Investing in a CIP system: Here’s what you need to know

CIP systems are very effective in keeping equipment free of fouling and are regarded highly by 3-A Sanitary Standards

There are some basic priorities every food, beverage, and pharmaceutical manufacturer shares: Make a quality product, minimize downtime and maintain sanitary conditions in the facility.

Careful planning, strategy and expertise are necessary to accomplish these tasks. They also require an effective cleaning strategy that reaches all the little crevices throughout the food manufacturing process and properly sanitizes all surfaces.

One much-favored equipment cleaning strategy throughout the food, beverage, and pharmaceutical industries is the clean-in-place method. CIP systems are very effective in keeping equipment free of fouling and are regarded highly by the 3-A Sanitary Standard.

Components of a CIP system

There are many different configurations and styles for CIP systems, though there are some features the majority of them have in common. These may include:

  • Pumps to add the chemical sanitizers.
  • Pumps and valves to bring in the supply of water.
  • A supply-side heat exchanger.
  • A method of recording data (temperature, start/end times, amount of water and sanitizer used). The method can either be electronic or manual.

All CIP systems have a system of one or more tanks: Some have one tank, which allows for a combined rinse and wash cycle. Others have two tanks to separate the rinse and wash processes. Some CIP systems add a third tank to be used for a recovery process, and others have a fourth tank for alkaline, acid or sanitizer storage.

Some CIP systems are one-pass systems that require careful chemical dosing; others are multi-pass systems which necessitate an additional tank to hold alkaline, acid or sanitizer – often the reason a fourth tank is included in the CIP system.

Manufacturers designing CIP systems also have a variety of options for how to distribute the water and cleaners throughout the equipment. They can use spray balls, which are more tailored to processes that don’t require very high water pressure. For those that do need highly pressurized water, rotary spray heads are used more often.

In either case, it’s essential that the entire surface area is reached by the spray method to ensure a total and complete clean. A missed spot resulting from poor design or insufficient components may harbor contaminants and become a serious problem in the long term.

Flow in a CIP system

It’s important to consider what flow rate is really needed when designing a CIP system. One might immediately think the higher the flow rate the lower the risk for inadequately clean equipment. However, erring on the side of higher pressure can also mean higher energy, water and cleaning costs. It’s best to have it just high enough of a flow to be effective, but not overdo it.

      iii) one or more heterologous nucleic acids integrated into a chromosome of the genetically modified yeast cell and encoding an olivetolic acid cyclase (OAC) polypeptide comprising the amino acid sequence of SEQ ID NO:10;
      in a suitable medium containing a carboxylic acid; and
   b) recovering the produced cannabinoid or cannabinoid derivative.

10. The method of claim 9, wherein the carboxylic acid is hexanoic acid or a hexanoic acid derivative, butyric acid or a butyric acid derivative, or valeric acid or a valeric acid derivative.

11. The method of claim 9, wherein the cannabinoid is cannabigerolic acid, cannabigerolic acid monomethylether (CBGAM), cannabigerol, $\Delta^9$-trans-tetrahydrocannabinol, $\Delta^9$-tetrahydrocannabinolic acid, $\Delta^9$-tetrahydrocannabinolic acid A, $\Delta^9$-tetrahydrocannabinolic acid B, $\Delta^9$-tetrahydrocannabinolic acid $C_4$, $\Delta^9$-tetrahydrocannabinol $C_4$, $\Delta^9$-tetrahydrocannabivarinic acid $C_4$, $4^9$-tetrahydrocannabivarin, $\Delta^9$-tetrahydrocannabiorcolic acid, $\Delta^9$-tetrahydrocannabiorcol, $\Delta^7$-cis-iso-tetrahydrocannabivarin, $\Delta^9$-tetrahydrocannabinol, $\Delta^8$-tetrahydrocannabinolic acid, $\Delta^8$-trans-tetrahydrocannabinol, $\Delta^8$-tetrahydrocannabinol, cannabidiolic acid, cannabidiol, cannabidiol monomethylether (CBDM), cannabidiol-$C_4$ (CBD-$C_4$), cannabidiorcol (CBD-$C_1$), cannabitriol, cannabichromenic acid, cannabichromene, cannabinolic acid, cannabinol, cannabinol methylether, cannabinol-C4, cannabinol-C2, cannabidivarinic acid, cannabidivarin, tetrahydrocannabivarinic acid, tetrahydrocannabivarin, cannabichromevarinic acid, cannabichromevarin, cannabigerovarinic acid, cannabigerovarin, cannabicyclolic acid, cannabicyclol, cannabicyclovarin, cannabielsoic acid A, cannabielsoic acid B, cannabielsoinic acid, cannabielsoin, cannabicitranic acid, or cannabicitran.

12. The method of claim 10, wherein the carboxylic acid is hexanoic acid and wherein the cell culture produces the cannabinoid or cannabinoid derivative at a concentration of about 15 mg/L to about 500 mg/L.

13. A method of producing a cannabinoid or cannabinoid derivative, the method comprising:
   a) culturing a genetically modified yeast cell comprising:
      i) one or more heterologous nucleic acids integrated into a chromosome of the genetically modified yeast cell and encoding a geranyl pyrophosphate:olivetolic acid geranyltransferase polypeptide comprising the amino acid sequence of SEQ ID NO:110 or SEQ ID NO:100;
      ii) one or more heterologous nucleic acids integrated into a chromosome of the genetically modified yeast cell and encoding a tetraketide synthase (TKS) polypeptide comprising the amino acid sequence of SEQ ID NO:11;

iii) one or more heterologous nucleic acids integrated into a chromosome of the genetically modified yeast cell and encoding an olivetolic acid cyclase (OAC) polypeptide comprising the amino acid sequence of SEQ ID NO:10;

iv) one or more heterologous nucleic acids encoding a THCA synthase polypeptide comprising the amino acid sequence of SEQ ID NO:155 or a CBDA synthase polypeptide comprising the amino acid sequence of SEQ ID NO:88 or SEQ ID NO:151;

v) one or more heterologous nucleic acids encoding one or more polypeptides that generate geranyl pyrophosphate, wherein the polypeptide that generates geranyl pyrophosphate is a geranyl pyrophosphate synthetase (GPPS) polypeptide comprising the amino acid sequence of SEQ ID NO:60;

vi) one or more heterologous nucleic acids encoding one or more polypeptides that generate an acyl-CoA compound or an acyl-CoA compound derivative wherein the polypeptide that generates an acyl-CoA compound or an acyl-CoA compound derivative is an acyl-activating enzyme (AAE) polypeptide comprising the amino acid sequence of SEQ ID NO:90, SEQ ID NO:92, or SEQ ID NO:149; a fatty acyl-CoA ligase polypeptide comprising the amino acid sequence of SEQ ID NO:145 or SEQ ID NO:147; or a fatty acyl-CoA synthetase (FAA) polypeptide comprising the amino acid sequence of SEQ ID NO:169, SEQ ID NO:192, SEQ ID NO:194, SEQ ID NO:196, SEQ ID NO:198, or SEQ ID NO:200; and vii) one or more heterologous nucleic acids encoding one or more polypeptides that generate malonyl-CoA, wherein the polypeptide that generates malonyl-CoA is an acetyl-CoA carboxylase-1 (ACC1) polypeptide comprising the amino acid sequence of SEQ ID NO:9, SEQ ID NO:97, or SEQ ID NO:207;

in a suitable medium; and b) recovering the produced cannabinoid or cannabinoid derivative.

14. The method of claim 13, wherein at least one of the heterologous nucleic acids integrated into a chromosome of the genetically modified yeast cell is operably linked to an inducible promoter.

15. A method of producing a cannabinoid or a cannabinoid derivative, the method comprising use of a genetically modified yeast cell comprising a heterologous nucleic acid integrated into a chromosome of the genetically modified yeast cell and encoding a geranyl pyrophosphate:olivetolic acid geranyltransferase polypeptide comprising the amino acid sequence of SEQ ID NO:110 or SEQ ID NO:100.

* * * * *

If a problem with a CIP system emerges, managers may assume the solution is to increase the flow. However, there are alternative solutions that can improve cleaning processes without a major impact on costs.

The most challenging parts of equipment to clean are dead-ends, crevices and corners, such as the bends in a u-tube shell and tube heat exchanger. In these instances, increased flow is often ineffective, as well as costly. Some different approaches to cleaning challenging parts of the equipment include:

  • Pulsating and varying the direction of the flow.
  • Ice-pigging, or pushing an ice slushy through the piping from the CIP.
  • Effervescence in the water, which creates localized wall-shear stresses.
  • Jet cleaning, or directing a high force to a specific area.

Additionally, draining the processing line before engaging the CIP system may also help. This way, when the CIP is turned on and the water fills the lines, it’ll create a moment of harder force than if the water was already in the line.

Documentation of CIP systems

It’s a legal requirement that food manufacturers document their cleaning process, Commercial Food Processing pointed out. Luckily, many CIP systems have automated documentation capabilities. However, just because it happens automatically doesn’t mean it shouldn’t be regularly and frequently monitored, or that manufacturers shouldn’t make adjustments or additions to the documentation process.

Event archiving is also a necessary aspect of having and properly maintaining a CIP system. Event archives include cycle start and end times, wash times and quantities of materials used in the cleaning. In the past, this was done by hand, though manual recording is no longer industry standard, nor does it meet regulatory compliance. Software innovations have been brought to market to address this need as well.

In addition to the typical information recorded by event archivers of the past, software-based event recorders also include data like whether a process was interrupted (and why); whether an operator took additional steps before, during or after the cleaning process; whether a step was repeated or skipped; and whether the operator paused or aborted the cycle before it was completed. The software can compile all the relevant data into reports that can be printed, as well as import it to databases so it can be accessed more conveniently and compared to past reports.

Most importantly, using software-based historians and event recorders makes regulatory compliance easier for manufacturers, and can more accurately identify emerging or existing problems in the CIP system.

If you’re in the market to upgrade your CIP system, consider how a stainless steel shell and tube heat exchanger can help. The knowledgeable engineers at Enerquip know the importance of fabricating exchangers that meet stringent regulations such as 3-A and ASME-BPE. Contact us today or request a quote.

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